FIG. 3 is a side elevation view of the chamber of FIG. 2, with the door opened.

FIG. 4 is a flow diagram depicting the functions of a control panel of the present invention.

FIG. 5 is partial flow diagram of a heart rate sensor, wireless transmitter and wireless receiver of the present invention.

DETAILED DESCRIPTION

Referring to FIG. 1, an embodiment of the aerobic spa system of the present application is shown. Each spa cycle requires less than ten gallons of purified water that is heated to an approximate temperature range of between 100 to 108 degrees Fahrenheit. The tap water purification process begins when water is introduced from a water source 10. The water source 10 may include hot and cold water inlet tubes carrying tap water from the municipal water system. The temperature and pressure of the water from water source 10 may be regulated with a standard thermostatic valve 15 and pressure regulator 20 in a well known manner.

Impurities in the water can reduce the absorption of ozone and reduce the purification effect on the user's skin, so it is critical to remove any impurities commonly found in tap water, such as minerals or chlorine, to the maximum extent possible. It will be appreciated that the water should be purified such that the total dissolved solid (“TDS”) level is below 10 parts per million (“ppm”) which is a small fraction of the TDS level of normal tap water. Treated municipal tap water is typically 200 to 400 ppm with some well water containing up to 2000 ppm. As such, the tap water that exits pressure regulator 20 will pass through a first prefilter 25, in the form of a particulate filter to aid in removing particulate impurities, and a first deionization filter (the “first DI filter”) 30. DI filters are well known to those skilled in the art and can be purchased from a variety of manufactures and suppliers. While the deionization process is preferred over other water purification processes because it is capable of producing water with a TDS below 10 ppm, other water purification means may be used including distillation.

Some of the water exiting the DI filter 20 may be diverted to a steam generator 35. Steam generators are also available for purchase from a variety of manufacturers.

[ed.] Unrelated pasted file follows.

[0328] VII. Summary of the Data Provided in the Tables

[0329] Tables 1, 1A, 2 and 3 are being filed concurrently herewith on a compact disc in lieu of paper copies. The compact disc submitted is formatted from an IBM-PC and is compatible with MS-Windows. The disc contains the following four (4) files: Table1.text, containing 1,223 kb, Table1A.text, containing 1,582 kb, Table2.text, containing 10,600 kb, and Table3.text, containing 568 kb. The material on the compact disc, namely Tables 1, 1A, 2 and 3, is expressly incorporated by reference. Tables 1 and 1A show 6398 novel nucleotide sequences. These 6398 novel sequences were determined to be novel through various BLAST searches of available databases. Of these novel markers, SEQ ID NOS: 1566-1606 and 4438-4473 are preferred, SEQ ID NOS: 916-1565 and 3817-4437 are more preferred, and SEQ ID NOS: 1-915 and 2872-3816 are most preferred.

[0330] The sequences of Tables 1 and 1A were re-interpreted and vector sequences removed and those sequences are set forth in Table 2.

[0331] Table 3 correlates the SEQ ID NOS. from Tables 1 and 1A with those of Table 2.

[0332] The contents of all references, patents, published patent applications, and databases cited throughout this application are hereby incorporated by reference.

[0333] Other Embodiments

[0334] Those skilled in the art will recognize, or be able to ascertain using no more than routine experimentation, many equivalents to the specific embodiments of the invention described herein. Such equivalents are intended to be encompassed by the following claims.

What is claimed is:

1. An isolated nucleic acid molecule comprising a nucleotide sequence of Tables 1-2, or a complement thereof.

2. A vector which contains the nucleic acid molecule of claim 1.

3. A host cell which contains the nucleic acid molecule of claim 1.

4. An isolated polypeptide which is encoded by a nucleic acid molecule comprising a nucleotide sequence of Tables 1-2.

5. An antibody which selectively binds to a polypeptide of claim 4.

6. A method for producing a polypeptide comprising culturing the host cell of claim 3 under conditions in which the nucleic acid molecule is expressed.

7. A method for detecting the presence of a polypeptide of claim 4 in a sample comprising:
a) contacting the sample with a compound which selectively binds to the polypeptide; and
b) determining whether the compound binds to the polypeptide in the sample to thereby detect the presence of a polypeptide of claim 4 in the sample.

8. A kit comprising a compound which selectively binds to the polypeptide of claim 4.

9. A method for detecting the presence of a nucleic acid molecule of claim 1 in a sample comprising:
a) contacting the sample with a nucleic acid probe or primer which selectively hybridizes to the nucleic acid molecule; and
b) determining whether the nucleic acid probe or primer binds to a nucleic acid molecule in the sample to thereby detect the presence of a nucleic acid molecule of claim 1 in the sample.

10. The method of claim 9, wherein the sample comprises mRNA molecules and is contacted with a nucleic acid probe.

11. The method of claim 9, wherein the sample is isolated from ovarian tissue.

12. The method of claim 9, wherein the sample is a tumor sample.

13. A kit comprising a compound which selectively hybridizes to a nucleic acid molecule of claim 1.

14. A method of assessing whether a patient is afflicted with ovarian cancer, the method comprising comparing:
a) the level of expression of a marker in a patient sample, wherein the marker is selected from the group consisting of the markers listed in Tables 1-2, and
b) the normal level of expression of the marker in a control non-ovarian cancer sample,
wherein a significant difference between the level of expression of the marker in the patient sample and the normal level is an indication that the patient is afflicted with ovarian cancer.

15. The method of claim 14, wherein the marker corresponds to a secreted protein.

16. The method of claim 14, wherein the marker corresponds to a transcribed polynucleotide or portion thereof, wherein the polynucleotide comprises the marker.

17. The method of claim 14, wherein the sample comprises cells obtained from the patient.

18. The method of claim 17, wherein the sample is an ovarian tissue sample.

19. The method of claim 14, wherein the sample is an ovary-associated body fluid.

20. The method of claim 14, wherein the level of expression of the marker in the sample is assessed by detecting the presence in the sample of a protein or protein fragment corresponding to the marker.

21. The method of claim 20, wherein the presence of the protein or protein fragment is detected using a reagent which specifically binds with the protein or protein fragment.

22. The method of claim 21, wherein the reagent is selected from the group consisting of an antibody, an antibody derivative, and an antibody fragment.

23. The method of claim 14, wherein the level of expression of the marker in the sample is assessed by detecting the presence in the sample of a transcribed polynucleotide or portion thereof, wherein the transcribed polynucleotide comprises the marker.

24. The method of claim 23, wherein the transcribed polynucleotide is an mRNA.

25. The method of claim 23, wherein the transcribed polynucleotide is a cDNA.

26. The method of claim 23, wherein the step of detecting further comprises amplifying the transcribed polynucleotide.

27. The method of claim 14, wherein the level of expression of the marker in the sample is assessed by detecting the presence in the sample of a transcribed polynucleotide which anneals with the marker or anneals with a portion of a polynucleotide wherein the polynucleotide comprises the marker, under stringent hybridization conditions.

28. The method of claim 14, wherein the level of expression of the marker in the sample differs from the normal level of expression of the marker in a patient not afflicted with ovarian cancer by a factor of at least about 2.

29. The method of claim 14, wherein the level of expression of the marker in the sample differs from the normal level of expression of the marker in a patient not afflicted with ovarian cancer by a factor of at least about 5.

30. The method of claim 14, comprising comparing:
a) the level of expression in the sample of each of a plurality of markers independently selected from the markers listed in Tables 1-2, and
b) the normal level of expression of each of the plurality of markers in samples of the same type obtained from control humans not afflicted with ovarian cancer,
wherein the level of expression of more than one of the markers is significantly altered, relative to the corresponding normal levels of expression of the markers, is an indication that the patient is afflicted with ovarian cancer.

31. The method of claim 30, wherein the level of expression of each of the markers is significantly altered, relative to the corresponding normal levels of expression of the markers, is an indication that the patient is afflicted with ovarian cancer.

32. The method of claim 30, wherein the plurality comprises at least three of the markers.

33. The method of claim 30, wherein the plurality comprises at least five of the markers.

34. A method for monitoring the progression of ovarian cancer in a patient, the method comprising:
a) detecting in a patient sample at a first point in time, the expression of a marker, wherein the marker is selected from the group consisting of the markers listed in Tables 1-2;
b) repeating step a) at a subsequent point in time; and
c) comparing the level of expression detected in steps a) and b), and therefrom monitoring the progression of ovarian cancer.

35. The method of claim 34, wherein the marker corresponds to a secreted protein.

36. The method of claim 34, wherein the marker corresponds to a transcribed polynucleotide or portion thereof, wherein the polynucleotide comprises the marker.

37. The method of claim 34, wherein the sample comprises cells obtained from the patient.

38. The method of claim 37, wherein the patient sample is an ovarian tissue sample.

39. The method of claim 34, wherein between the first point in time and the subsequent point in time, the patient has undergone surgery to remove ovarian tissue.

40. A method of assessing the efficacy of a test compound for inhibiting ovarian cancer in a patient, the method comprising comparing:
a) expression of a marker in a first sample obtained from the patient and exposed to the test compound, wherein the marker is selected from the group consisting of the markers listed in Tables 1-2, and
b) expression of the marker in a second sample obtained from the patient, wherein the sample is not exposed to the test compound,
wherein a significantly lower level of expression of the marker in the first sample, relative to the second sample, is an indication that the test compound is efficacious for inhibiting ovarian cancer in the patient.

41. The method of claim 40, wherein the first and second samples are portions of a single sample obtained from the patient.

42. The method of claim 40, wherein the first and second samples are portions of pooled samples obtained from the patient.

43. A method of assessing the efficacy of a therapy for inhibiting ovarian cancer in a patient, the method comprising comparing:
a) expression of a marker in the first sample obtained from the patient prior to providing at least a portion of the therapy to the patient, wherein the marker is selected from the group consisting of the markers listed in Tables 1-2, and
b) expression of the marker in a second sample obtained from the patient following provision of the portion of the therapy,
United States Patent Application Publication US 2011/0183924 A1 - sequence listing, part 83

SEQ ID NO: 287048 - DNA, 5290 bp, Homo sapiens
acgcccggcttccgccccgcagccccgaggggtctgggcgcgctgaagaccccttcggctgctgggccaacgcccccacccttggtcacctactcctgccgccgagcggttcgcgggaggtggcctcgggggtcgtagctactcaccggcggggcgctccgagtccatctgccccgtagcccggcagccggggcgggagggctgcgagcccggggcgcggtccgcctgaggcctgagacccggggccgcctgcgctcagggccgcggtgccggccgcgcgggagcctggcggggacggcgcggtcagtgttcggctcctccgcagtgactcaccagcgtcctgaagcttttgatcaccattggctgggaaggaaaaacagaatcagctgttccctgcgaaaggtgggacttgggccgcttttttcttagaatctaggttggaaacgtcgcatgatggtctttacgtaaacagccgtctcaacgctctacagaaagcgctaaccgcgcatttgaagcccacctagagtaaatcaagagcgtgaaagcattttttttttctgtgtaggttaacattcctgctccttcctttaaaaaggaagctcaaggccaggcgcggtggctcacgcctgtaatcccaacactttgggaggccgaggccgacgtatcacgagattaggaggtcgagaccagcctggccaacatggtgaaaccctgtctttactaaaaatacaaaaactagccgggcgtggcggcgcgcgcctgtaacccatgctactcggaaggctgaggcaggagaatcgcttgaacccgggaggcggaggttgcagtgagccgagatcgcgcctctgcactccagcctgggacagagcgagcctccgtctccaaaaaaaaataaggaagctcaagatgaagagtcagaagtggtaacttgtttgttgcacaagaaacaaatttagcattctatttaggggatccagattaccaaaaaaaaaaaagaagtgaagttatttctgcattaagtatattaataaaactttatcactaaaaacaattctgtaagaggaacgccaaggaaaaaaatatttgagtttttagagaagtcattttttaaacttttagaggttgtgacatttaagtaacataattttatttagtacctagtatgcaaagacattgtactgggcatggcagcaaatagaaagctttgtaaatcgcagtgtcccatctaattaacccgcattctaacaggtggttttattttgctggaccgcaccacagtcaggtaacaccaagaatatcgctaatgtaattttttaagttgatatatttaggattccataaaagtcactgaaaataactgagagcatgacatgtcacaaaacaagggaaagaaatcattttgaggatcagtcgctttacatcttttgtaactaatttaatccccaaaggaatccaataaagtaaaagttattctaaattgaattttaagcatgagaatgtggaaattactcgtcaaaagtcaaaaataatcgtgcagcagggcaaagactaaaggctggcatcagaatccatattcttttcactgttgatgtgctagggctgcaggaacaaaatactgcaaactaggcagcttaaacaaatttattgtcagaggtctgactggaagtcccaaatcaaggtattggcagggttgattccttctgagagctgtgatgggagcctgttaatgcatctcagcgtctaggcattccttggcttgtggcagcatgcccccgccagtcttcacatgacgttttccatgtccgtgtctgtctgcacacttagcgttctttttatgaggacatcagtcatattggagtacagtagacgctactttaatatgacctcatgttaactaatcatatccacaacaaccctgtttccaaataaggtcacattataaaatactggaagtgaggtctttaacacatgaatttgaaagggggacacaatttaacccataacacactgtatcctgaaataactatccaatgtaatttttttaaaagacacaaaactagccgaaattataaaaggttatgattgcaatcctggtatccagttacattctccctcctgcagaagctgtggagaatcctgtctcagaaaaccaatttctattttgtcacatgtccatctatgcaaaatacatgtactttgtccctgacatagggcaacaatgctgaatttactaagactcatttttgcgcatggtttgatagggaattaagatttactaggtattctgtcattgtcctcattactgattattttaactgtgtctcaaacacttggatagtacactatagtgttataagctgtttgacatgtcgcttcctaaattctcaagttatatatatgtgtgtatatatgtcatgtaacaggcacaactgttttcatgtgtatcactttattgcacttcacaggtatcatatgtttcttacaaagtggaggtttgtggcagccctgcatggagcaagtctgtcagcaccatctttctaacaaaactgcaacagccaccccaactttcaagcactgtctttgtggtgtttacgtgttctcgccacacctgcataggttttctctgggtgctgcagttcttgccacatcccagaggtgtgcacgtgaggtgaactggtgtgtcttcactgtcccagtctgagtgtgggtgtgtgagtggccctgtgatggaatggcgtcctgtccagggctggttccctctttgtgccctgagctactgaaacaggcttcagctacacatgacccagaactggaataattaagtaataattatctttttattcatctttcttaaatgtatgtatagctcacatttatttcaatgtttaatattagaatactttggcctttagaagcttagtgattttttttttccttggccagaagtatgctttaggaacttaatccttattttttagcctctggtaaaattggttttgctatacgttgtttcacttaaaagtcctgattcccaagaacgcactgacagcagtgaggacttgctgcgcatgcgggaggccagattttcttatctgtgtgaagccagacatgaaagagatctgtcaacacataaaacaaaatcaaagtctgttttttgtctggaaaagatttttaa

Purified water passes through supply valve 40 until the proper volume of water has been introduced into the system as indicated by the water level sensor 190 disposed within the chamber 170. After the desired water volume has been introduced into the system, the supply valve 40 closes such that no new water enters the system. During a spa cycle, water exiting the chamber 170 is pulled through outlet conduit 60 under the suction force of a second pump 75. Such water exiting the chamber 170 is prevented from exiting the entire system through drain 192 by virtue of a first pump 55. First pump 55 prevents the passing of water therethrough when the pump is deactivated. It will be appreciated that check valve 50, a one-way valve, permits water from the outlet conduit 60 to be recirculated back into the system. In that regarding the water from the conduit 60, rather than exiting the system through the 192 is recaptured and routed through the second prefilter 65.

Water from the first DI filter 30 and/or water from the chamber outlet conduit 60 is combined and pumped through a second prefilter 65 in the form of a particulate filter, which aids in removing particulate impurities, and UV sterilizer 70, which aids in destroying bacteria and other impurities that may have passed from the user (not shown) in the chamber 170. A second pump 75, in the form of a vane or impeller pump, creates a pressure rise in the water such that the water may continue through the system.

Water from the second pump 75 is passed through a second DI filter 80, where the water is further stripped of dissolved solids that may have passed from the user in chamber 170. The water then passes into a water heater 90 where the purified deionized water is heated to a desired temperature. The water heater 90 may include a water pressure switch 92 and maximum temperature switch 93, adapted to prevent the water heater element from overheating in-case of a malfunction. Water is circulated through the system until a desired temperature is reached as indicated by the temperature sensor 95.